mice in laboratoryA promiscuous mother may produce sons that are more appealing to female mice, according to a new study. Female mice are attracted to pheromones present in the urine of male mice. The male offspring of promiscuous mice produce more of this urinary pheromone, making them more alluring to females. There is one drawback to being sexier – the charming mice tended to have shorter life spans.

A research team led by senior author Prof. Wayne Potts from the University of Utah was responsible for the discovery. The study results, published in the journal Proceedings of the National Academy of Sciences, suggest the parents’ environment modifies the genes of the offspring. Previously, scientists had attributed many of these changes to alterations in DNA as it passes from one generation to the next.

To perform the study, the biologists raised ten generations of descendents of wild mice in cages with assigned mates. The scientists kept 23 male-female pairs of the domesticated mice in monogamous, non-social cages to ensure fidelity. They then assigned another 20 males and 40 females to a community cage where the mice could engage in social, promiscuous activities that required the males to compete for territory and mates.

The researchers found the male offspring of mice that had to compete produced 31 percent more of the major urinary proteins, or MUPs, that attract female mice than did the mice produced by chaste parents. Higher MUPs concentrations give the mice with the promiscuous mothers and competitive fathers a distinct advantage when it comes to mating, even though these sexier male offspring never had to compete.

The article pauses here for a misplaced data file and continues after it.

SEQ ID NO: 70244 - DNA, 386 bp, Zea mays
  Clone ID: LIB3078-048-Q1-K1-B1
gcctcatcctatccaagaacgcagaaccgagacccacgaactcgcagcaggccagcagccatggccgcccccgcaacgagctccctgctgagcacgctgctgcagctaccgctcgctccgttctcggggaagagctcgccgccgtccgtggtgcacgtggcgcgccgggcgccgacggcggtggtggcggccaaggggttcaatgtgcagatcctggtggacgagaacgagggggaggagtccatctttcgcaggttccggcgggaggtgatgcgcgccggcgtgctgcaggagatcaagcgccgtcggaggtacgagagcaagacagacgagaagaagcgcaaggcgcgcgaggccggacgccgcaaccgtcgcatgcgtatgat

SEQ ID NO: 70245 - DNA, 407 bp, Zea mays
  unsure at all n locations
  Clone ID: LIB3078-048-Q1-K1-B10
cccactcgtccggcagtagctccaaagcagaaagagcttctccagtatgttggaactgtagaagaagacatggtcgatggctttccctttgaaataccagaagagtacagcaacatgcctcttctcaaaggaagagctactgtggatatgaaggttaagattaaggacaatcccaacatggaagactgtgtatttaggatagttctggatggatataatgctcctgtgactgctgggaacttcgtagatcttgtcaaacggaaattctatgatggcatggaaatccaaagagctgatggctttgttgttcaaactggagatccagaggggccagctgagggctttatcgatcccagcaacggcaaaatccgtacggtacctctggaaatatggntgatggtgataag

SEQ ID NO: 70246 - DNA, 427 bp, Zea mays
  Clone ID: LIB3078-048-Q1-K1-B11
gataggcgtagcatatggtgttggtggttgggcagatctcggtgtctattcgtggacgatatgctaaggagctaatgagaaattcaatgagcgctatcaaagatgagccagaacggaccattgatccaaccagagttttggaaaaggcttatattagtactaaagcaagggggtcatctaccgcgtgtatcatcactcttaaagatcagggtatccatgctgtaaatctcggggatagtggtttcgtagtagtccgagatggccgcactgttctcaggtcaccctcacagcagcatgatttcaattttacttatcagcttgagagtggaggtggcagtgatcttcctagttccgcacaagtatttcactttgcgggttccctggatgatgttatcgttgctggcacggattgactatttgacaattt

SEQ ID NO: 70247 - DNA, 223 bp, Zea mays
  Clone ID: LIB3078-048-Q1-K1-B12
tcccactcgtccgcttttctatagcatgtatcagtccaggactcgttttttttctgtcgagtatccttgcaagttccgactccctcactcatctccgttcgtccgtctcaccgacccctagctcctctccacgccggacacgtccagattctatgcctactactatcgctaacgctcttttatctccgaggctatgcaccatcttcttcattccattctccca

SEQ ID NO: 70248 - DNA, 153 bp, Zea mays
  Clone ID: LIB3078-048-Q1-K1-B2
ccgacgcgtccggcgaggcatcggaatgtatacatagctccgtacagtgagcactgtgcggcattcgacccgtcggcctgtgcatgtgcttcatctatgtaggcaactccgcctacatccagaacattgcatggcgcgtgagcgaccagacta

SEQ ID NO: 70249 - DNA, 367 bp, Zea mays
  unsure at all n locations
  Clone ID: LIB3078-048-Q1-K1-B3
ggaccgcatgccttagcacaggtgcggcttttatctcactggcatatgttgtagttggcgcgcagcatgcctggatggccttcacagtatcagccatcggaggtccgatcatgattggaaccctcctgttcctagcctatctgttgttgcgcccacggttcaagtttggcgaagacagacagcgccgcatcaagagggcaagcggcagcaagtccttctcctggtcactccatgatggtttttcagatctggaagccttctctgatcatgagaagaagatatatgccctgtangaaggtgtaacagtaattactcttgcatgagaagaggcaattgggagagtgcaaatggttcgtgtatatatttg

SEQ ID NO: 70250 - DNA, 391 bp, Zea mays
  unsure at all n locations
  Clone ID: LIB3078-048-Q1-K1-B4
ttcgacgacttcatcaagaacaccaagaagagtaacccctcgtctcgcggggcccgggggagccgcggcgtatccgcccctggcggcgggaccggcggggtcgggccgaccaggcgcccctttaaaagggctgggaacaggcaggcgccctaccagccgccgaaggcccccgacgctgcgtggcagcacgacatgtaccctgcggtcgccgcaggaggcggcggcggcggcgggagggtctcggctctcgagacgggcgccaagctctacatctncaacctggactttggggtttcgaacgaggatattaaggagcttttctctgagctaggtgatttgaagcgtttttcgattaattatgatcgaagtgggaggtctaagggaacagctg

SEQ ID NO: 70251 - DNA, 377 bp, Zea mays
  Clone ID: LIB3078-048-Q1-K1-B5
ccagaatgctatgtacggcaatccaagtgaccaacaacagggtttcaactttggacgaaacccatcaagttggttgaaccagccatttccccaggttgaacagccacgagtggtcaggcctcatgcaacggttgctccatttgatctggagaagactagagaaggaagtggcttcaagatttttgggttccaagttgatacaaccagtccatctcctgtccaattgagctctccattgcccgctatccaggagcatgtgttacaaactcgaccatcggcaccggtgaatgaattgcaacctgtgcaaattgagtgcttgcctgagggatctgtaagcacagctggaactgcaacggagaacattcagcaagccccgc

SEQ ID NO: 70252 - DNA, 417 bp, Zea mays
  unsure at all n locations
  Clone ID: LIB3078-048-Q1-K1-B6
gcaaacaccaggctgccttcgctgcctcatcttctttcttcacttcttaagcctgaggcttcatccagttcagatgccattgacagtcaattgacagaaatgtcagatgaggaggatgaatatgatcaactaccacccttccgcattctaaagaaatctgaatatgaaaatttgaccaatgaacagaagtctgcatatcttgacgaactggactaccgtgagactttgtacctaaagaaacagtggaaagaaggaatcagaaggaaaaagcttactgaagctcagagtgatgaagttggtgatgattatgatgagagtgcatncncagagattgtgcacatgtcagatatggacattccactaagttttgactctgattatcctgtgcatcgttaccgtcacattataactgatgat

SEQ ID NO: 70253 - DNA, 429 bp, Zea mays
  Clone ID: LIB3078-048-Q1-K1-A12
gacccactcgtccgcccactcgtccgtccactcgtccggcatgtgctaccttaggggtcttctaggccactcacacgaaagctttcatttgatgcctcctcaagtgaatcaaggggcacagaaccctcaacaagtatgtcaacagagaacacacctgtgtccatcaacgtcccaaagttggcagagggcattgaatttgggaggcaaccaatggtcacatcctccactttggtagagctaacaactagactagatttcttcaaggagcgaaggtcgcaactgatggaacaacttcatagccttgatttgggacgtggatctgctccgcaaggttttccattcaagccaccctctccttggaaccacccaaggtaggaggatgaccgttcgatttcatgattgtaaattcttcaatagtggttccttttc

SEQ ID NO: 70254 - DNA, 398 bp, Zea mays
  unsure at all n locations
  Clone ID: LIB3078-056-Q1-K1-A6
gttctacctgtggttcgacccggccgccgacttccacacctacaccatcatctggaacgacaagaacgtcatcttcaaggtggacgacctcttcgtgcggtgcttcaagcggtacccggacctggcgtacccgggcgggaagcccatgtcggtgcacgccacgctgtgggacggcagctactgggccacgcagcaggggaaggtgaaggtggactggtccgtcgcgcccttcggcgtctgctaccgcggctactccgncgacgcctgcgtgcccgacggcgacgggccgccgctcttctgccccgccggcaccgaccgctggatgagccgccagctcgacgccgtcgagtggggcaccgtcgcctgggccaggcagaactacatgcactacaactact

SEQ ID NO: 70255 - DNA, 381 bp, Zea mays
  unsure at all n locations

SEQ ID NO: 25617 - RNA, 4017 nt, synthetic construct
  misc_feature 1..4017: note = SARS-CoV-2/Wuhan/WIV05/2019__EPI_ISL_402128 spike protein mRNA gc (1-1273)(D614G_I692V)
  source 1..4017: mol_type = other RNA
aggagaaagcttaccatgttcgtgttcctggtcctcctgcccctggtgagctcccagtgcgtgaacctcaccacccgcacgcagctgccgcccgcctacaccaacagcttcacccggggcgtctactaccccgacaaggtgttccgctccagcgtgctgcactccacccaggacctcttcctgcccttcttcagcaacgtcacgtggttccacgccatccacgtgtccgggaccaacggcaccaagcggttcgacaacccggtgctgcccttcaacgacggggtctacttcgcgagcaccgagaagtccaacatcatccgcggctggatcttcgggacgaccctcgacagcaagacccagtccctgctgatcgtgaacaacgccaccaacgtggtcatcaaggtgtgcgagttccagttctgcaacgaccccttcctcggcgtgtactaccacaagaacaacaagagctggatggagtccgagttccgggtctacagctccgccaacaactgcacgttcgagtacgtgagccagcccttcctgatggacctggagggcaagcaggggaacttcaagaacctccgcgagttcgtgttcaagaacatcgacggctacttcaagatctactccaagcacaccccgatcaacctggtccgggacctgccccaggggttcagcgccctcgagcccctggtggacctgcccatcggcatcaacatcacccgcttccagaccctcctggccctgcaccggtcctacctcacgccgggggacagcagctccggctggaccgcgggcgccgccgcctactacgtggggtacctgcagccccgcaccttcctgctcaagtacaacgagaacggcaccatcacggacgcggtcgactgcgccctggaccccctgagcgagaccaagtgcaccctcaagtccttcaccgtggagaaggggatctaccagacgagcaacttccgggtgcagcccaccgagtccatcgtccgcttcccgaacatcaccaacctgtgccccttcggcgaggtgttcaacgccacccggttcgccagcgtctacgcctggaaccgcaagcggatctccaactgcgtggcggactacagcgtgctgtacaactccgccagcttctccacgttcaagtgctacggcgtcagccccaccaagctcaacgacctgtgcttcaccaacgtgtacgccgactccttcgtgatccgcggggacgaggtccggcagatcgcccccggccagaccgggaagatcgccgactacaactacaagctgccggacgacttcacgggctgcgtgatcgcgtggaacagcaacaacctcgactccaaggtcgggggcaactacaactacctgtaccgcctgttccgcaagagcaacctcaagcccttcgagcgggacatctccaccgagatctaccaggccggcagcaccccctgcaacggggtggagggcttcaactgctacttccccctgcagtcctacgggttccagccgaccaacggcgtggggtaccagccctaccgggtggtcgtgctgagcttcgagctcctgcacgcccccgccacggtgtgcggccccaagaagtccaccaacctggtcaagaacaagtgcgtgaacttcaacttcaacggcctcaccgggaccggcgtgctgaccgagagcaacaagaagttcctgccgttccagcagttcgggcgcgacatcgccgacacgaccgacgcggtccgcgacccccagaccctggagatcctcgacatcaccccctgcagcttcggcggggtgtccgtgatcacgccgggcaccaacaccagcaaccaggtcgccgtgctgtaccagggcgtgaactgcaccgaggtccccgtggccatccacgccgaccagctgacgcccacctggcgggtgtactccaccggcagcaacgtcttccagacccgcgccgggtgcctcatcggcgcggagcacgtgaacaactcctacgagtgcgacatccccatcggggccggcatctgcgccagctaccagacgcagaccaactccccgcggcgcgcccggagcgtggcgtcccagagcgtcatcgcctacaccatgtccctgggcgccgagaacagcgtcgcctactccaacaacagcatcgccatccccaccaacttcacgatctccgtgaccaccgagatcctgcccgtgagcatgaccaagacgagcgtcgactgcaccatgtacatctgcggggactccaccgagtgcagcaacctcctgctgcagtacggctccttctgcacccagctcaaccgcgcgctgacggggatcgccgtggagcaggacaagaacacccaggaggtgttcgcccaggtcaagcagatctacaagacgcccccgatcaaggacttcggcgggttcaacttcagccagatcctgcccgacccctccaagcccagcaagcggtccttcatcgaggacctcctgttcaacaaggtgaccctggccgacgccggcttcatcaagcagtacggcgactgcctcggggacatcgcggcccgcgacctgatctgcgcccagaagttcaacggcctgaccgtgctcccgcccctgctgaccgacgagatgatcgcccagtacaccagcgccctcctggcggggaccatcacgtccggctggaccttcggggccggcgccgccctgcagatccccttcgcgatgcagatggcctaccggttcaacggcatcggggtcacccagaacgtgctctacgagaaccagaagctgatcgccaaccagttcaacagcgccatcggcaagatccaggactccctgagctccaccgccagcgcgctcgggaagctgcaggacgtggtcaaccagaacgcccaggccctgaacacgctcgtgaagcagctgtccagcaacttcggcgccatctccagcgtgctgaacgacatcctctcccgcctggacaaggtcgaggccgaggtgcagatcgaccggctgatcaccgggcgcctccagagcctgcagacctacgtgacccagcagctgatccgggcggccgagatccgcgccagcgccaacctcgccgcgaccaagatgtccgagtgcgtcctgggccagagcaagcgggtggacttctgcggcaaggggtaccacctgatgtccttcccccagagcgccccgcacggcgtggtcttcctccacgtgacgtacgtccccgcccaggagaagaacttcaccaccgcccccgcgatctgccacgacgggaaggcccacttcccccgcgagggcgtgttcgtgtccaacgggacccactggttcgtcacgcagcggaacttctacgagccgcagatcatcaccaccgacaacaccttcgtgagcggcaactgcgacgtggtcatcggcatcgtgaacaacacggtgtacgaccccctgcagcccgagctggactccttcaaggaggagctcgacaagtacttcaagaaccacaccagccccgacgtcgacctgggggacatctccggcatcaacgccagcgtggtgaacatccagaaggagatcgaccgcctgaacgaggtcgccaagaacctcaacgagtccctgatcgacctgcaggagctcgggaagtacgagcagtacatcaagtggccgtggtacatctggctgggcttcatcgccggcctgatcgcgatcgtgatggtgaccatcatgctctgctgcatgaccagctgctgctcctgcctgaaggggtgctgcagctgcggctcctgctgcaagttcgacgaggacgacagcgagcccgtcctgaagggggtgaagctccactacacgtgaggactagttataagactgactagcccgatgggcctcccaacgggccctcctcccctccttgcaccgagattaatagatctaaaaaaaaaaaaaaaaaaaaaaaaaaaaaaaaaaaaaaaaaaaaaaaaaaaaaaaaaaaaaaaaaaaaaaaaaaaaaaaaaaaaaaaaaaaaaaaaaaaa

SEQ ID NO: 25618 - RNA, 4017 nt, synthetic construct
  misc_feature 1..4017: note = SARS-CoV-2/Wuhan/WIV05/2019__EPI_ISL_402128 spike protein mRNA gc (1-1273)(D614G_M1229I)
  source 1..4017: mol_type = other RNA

Having a promiscuous father had the reverse effect. The researchers bred promiscuous and monogamous females with each type of males. They found that sons of promiscuous fathers had 5 percent less MUP than sons of monogamous fathers. The scientists concluded that this may be to prevent promiscuous fathers from competing with their sons.

The mice that produced more urinary proteins had shorter lives. Only 48 percent of the debonair mice lived to the conclusion of the experiment, as compared to 80 percent of the offspring of the monogamous parents. This is likely due to the increased energy required to make pheromones.

Source: Nelsona, Adam C., et al. "Reintroducing domesticated wild mice to sociality induces adaptive transgenerational effects on MUP expression." Proceedings of the National Academy of Sciences PNAS. 18 Oct 2013. Web. Retrieved 25 Nov 2013.

Keyword Tags: